It’s only Wednesday, but most of this week’s incoming macro data, both hard and soft, is heading in the wrong way.
Crumbling Empire State
The Empire State Manufacturing Index, reflecting the general business conditions in New York state, fell to -31.8 in May. That is the lowest level since May 2020 when Covid hit. Last month, the regional PMIs (Chicago, Dallas, Kansas, New York, Philadelphia, Richmond) signaled a slight uptick in the ISM Manufacturing Index. The sole reason for this was the unexpected spike in the Empire State Manufacturing Index. However, this has now (more than) reversed.
The chart reveals that the latest Empire State Manufacturing Index points to an ISM Manufacturing Index of 42.5, a clear recessionary level. As you will know, the ISM Manufacturing Index is a crucial macro indicator within our Macro, Sentiment, and Valuation investment framework. It represents an important bellwether for many asset classes and our Global Multi-Asset Portfolios.
For example, stock markets tend to underperform when the ISM Manufacturing falls. As the chart above shows, the average 3-month future return on the S&P 500 Index has been a meager 0.3% when the ISM was between 40 and 50 and falling. US equities declined on average 13%(!) when the ISM was below 40 and declined further.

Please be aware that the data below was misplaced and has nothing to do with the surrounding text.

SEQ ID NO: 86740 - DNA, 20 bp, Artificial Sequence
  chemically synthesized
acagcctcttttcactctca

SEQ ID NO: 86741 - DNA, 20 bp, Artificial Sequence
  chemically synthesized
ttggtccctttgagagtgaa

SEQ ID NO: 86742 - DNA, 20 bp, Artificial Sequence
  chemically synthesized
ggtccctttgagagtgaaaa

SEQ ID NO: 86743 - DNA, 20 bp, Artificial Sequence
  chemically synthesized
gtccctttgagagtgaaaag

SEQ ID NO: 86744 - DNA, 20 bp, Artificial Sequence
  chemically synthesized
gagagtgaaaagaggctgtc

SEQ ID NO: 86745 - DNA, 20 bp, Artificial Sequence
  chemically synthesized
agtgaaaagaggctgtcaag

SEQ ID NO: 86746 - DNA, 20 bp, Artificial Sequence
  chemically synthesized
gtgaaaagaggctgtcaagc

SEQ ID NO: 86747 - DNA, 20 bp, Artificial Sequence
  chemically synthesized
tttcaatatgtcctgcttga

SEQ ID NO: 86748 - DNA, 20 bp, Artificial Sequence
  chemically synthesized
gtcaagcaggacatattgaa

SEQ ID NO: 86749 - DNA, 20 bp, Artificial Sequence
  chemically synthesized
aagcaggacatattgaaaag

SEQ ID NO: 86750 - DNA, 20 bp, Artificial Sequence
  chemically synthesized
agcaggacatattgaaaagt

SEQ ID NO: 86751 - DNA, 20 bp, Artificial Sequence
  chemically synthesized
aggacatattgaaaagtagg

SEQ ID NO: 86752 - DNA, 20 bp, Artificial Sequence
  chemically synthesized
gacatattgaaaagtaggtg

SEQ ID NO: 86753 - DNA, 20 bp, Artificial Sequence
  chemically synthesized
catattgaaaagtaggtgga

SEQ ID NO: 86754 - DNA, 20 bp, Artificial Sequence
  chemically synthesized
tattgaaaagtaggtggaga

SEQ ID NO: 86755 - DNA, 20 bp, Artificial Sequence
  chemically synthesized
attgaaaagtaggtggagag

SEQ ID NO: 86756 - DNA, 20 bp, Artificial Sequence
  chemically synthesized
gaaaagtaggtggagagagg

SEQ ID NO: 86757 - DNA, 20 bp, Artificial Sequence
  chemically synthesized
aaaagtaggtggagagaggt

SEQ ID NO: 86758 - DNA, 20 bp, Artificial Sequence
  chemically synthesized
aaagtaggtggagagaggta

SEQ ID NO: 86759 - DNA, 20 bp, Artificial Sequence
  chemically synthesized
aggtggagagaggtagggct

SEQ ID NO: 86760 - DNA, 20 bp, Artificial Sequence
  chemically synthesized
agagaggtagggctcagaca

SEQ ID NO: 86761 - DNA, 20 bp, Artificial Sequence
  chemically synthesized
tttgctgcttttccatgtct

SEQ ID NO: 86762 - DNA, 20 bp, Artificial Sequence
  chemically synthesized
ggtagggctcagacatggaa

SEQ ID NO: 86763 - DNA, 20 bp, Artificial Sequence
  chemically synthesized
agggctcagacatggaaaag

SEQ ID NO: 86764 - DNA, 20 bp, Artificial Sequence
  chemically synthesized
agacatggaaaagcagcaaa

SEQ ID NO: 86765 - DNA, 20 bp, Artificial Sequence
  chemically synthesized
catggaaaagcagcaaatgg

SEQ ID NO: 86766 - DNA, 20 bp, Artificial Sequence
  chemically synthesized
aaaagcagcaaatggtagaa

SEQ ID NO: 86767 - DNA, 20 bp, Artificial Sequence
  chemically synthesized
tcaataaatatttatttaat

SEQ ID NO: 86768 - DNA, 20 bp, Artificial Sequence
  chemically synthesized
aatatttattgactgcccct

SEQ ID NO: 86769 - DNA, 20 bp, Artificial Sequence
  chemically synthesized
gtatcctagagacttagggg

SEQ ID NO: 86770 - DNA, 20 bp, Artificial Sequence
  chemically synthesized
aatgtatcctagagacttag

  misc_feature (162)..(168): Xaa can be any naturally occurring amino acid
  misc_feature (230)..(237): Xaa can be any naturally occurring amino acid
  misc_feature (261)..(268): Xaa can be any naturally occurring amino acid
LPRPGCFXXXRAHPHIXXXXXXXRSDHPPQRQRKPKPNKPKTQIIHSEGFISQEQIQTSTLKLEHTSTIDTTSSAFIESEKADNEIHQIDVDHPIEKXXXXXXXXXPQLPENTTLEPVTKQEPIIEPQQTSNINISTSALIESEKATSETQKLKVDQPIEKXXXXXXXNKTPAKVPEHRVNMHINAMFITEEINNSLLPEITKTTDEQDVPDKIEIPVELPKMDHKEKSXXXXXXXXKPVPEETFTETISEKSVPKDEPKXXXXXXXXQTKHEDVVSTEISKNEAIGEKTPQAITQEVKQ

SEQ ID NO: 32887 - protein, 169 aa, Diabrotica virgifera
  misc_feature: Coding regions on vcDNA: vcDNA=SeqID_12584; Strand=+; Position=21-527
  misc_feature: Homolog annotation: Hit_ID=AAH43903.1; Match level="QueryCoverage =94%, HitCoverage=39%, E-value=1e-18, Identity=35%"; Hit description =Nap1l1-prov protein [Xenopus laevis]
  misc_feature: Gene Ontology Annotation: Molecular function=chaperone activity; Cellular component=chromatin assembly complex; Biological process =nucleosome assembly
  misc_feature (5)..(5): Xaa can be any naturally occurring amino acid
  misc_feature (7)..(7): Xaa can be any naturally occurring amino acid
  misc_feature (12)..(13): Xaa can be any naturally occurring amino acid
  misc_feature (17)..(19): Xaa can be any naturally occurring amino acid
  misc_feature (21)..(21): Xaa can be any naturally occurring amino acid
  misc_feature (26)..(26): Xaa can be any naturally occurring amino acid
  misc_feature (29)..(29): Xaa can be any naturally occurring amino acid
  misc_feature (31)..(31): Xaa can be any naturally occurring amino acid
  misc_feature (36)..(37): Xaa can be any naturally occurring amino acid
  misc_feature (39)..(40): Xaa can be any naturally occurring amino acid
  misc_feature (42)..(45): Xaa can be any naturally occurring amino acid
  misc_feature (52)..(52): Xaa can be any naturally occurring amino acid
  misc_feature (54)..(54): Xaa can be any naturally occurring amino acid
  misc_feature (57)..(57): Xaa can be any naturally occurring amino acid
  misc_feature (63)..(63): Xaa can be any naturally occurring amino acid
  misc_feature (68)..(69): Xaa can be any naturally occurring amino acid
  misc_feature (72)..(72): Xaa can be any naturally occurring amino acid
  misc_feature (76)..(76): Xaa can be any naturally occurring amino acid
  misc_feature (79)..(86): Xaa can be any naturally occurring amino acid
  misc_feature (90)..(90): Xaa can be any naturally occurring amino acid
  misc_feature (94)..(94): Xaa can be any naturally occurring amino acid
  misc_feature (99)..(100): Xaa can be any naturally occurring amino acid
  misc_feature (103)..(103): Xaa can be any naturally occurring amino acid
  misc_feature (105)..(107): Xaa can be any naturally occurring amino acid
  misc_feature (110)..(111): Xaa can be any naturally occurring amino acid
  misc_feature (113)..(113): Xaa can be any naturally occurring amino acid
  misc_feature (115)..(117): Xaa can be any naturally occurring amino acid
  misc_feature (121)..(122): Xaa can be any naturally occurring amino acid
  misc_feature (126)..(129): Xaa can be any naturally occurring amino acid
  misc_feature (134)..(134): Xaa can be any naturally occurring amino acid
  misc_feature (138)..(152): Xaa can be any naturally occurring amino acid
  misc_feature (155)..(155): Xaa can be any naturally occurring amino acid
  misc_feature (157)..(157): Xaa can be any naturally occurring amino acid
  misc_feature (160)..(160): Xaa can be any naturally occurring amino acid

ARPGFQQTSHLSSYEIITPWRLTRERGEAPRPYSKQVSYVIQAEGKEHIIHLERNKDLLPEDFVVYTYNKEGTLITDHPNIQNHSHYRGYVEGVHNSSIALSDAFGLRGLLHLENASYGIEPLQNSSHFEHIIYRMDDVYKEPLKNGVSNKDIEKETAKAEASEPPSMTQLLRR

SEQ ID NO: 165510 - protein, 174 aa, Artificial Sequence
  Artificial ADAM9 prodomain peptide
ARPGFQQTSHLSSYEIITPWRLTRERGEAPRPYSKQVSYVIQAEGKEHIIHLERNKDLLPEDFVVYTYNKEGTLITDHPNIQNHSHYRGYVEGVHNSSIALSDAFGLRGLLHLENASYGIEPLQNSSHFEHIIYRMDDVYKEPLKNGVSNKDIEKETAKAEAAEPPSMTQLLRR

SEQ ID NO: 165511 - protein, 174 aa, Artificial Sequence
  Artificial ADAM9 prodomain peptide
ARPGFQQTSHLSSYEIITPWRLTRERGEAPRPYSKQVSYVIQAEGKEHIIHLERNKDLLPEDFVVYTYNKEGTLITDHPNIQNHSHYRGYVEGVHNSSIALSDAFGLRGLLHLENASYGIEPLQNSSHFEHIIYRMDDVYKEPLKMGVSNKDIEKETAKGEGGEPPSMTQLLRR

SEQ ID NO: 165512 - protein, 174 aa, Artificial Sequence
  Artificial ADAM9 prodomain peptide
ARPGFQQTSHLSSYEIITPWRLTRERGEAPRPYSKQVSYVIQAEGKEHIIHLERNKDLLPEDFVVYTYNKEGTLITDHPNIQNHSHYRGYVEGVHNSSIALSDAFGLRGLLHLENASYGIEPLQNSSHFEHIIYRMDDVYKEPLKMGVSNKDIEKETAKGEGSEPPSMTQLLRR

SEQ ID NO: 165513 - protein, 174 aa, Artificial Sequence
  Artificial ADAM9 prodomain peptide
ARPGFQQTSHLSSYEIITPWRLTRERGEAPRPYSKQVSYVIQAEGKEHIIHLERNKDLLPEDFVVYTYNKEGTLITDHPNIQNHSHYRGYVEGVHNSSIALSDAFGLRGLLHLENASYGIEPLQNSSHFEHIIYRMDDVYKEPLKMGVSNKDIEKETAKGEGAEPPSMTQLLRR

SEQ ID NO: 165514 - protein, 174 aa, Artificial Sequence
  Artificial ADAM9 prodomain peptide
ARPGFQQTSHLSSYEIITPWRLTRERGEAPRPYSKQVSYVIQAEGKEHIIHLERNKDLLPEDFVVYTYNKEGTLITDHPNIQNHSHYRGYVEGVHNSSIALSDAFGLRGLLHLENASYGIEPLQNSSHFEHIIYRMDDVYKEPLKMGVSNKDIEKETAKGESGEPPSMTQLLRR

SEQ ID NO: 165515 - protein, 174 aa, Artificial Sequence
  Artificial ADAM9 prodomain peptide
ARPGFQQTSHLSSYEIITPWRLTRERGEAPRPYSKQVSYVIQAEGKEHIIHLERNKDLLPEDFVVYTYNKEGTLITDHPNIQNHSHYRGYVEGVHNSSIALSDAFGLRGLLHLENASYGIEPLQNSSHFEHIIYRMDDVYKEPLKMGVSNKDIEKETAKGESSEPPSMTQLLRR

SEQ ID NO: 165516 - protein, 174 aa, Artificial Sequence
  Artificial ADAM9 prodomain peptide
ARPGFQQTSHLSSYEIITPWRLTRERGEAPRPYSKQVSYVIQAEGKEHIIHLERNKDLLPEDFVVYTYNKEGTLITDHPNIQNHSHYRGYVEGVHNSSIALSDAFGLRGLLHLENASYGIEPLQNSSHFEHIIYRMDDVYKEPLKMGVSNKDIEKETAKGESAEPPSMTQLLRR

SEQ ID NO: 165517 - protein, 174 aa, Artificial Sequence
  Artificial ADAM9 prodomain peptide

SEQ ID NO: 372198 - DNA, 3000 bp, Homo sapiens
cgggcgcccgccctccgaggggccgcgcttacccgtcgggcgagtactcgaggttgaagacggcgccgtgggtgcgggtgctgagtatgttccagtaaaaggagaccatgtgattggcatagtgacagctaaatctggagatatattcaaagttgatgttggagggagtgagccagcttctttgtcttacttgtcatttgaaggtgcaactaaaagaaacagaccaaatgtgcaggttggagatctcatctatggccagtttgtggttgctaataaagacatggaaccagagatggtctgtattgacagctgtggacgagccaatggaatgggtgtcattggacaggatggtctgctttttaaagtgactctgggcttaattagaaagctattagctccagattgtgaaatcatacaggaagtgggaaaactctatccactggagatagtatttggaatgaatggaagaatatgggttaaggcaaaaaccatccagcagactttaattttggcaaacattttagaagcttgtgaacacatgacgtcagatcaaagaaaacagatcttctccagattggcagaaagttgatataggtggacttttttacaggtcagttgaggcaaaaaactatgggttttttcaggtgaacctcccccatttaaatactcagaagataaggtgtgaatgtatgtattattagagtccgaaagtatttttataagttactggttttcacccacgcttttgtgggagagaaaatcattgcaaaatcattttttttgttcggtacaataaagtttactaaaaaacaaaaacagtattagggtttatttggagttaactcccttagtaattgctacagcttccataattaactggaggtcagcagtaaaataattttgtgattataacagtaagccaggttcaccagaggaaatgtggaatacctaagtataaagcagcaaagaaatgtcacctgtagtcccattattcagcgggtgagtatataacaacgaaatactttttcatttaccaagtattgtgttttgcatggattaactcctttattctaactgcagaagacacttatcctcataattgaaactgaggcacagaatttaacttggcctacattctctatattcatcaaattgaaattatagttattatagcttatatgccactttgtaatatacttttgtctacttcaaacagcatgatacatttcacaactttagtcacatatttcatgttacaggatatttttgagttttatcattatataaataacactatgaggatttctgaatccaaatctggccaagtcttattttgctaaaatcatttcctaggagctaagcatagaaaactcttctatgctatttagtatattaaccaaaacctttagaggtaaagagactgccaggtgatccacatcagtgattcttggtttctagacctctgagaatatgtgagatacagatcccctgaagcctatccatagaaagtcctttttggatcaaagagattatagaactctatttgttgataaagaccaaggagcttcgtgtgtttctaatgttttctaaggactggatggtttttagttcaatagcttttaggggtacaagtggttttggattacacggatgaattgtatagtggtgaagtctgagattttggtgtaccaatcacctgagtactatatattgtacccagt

Two things to keep in mind. First, as you can tell, the Empire Manufacturing Survey is notoriously volatile. Second, forward-looking subindices of the Empire State Index came in less ugly but, unfortunately, from already depressed levels.
US Retail Sales – Mixed at best
Excluding the volatile components Auto and Gas, US retail sales grew 0.6% in April, beating expectations. However, the March number was revised down to -0.5% from -0.3%. Overall retail sales rose by 0.4% in April, half of the expected growth.
The chart below shows annual nominal and real retail sales growth based on the headline CPI index. Both growth rates are trending down and, in the case of real retail sales, have come in negative in the last three months. While the New York Fed estimates there is still USD 500 billion in excess savings available, this likely is concentrated in high-income families, which will not necessarily spend these savings.
In addition, based on the last three months, nominal retail sales are down 3.7% on an annualized basis.
China – Growing at less than half power
Less than half of the economy drives China’s ‘reopening recovery.’ Consumer spending has accelerated mostly in line with expectations and driven by Covid-related excess savings.
However, consumer spending represents roughly 40% of GDP, a share significantly lower than that of the United States, for example. The other key areas of the Chinese economy, production, and real estate, reveal lackluster growth or no growth at all. Industrial production rose 5.6% from a year ago in April, well short of the 10.9% growth expected.
Chinese property investment was down 6.2%, worse than expected. Annual property investment has been negative for 12 consecutive months.
Finally, with new loans and aggregate financing underwhelming in April, there are few signs that the already muted Chinese Credit Impulse will improve soon.
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